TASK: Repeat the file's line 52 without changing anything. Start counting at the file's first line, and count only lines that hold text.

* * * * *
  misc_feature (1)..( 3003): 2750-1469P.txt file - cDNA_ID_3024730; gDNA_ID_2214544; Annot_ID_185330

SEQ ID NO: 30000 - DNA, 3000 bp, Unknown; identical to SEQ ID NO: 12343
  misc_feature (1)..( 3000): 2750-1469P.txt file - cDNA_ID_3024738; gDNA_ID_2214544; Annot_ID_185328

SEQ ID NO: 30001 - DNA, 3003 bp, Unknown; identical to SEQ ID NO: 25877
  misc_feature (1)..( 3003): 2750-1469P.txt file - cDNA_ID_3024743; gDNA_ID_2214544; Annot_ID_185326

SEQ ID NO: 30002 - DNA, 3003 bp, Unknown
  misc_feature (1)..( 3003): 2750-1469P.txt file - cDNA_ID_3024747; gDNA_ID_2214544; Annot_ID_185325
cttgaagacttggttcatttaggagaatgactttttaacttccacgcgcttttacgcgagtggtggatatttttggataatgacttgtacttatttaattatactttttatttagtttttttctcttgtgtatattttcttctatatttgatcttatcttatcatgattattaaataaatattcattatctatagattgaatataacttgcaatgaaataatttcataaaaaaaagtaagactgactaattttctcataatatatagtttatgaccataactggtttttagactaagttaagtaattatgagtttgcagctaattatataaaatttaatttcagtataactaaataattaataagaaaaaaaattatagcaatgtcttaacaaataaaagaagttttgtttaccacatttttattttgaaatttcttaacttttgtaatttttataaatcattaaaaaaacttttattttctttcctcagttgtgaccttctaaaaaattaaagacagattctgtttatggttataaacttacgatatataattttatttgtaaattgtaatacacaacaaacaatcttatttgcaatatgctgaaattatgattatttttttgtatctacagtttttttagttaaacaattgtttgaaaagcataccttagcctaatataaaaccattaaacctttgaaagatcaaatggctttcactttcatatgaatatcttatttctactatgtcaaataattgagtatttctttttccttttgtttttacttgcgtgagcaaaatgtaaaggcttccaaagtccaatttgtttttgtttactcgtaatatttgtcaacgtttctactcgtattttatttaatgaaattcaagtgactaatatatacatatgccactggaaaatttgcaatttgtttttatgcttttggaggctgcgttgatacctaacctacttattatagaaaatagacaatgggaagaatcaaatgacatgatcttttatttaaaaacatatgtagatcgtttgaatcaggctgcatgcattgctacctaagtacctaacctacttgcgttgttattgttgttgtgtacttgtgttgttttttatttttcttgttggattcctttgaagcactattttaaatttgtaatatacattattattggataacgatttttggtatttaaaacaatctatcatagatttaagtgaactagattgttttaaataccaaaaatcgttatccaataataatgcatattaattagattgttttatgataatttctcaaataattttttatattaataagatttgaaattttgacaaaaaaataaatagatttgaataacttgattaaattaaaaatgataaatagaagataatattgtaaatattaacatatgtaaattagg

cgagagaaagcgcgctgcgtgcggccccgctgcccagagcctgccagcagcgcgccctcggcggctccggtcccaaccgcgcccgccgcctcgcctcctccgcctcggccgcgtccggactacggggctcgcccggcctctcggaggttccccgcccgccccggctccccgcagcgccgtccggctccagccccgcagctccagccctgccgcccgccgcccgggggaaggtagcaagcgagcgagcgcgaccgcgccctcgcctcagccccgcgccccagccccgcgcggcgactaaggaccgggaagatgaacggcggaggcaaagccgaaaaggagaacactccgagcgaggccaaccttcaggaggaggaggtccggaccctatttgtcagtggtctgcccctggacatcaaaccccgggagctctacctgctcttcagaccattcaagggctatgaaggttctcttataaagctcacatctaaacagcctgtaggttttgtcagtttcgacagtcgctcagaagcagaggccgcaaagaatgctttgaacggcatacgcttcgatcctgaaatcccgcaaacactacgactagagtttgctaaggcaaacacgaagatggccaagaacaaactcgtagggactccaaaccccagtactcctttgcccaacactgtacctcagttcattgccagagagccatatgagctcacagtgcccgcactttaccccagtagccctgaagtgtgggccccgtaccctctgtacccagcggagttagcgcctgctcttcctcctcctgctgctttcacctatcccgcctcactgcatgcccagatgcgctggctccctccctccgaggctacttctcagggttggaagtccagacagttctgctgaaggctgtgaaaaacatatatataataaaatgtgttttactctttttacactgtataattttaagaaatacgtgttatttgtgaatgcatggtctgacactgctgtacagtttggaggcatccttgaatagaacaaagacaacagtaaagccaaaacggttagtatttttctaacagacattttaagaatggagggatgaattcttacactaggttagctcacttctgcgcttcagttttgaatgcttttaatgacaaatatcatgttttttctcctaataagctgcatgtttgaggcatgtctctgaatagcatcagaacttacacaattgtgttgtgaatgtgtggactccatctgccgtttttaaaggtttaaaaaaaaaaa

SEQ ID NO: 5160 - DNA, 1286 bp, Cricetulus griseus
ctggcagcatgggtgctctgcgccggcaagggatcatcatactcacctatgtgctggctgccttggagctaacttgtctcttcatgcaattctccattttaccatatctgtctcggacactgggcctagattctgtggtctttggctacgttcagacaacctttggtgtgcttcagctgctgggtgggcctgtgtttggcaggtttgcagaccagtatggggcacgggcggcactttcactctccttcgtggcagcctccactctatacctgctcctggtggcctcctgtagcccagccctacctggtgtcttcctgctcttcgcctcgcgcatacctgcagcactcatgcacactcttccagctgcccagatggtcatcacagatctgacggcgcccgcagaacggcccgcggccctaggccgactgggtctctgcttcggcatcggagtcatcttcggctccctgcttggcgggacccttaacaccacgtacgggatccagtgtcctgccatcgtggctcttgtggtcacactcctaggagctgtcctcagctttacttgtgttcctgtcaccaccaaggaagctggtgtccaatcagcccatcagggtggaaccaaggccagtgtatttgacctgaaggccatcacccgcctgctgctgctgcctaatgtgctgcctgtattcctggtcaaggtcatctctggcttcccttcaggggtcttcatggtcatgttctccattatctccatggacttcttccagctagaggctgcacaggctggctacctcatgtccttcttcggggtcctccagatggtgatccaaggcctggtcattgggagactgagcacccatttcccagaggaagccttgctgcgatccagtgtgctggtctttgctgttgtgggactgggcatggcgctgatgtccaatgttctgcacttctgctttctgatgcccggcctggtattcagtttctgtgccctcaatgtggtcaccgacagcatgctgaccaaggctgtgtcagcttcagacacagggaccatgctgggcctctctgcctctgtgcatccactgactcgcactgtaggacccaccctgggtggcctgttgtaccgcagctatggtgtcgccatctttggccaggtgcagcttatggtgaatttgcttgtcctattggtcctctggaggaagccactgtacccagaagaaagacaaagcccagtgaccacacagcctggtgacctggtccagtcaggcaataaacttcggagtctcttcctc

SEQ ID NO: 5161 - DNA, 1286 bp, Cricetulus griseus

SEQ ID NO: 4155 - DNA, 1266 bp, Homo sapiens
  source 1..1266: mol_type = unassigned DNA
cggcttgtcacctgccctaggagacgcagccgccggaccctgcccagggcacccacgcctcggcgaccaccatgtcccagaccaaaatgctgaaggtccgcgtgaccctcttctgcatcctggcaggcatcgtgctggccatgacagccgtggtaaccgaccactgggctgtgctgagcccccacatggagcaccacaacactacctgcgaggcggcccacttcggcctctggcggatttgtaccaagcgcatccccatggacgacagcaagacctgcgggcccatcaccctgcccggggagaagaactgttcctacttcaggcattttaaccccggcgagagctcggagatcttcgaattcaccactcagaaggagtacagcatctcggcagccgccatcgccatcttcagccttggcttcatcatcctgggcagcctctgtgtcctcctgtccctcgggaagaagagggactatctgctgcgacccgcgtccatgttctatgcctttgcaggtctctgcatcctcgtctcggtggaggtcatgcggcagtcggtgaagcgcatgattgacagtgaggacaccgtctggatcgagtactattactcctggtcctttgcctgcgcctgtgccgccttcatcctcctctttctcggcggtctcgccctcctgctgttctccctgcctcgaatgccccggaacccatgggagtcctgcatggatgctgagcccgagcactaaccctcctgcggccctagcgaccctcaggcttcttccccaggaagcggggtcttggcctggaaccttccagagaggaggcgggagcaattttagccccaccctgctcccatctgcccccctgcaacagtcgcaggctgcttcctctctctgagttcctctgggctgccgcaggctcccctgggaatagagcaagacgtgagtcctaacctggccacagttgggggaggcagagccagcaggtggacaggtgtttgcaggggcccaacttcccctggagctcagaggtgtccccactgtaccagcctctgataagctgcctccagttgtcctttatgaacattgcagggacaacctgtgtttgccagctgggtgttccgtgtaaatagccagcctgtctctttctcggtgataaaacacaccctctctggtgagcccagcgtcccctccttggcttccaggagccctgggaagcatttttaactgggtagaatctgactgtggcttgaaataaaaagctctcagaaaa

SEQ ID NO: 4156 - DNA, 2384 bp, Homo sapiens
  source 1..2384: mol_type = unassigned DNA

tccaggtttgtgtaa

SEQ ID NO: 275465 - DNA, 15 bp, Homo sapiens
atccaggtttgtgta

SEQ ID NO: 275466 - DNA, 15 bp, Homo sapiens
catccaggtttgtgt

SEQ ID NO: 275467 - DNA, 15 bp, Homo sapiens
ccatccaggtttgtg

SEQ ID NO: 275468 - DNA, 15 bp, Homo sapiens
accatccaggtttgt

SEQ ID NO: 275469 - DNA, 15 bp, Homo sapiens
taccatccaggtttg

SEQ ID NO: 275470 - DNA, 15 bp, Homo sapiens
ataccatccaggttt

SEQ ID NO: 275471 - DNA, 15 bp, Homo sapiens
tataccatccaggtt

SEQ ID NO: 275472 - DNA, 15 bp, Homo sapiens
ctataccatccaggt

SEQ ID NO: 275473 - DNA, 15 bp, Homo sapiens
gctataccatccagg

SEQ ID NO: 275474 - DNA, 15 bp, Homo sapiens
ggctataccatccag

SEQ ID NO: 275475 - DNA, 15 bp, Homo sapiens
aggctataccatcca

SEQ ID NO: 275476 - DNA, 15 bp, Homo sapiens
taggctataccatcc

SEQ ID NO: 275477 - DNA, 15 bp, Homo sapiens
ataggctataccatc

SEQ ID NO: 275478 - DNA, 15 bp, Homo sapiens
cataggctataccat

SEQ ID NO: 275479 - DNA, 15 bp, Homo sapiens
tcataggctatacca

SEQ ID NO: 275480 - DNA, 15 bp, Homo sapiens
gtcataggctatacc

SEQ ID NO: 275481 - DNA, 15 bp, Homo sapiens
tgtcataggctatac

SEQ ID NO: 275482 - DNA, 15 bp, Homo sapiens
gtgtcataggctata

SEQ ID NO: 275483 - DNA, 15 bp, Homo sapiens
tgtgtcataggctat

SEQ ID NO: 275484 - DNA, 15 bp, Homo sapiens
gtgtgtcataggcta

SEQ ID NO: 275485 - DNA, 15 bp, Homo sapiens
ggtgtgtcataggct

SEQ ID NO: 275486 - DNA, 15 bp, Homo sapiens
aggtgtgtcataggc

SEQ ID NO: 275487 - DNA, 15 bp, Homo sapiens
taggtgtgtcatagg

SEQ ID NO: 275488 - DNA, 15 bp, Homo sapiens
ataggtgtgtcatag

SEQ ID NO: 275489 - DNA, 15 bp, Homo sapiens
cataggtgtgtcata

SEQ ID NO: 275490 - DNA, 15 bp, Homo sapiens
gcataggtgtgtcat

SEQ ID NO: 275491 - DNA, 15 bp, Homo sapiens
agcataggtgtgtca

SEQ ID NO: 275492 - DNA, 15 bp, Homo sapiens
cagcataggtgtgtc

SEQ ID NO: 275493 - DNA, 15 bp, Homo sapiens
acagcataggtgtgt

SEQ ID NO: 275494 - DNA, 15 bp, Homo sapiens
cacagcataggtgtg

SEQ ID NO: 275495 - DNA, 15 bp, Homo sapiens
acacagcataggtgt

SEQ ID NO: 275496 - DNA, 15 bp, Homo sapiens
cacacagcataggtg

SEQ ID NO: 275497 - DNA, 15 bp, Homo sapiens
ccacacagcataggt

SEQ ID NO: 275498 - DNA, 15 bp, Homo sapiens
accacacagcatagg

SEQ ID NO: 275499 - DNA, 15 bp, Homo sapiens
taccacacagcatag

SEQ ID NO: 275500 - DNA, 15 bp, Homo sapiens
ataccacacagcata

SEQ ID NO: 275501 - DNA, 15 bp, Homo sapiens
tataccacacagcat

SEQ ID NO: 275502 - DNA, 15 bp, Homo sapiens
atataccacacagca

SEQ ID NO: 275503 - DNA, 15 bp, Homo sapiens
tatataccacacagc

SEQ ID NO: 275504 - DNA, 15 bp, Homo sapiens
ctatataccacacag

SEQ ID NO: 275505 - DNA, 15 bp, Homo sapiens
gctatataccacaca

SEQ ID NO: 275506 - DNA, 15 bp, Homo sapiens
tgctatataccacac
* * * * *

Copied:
tgtcataggctatac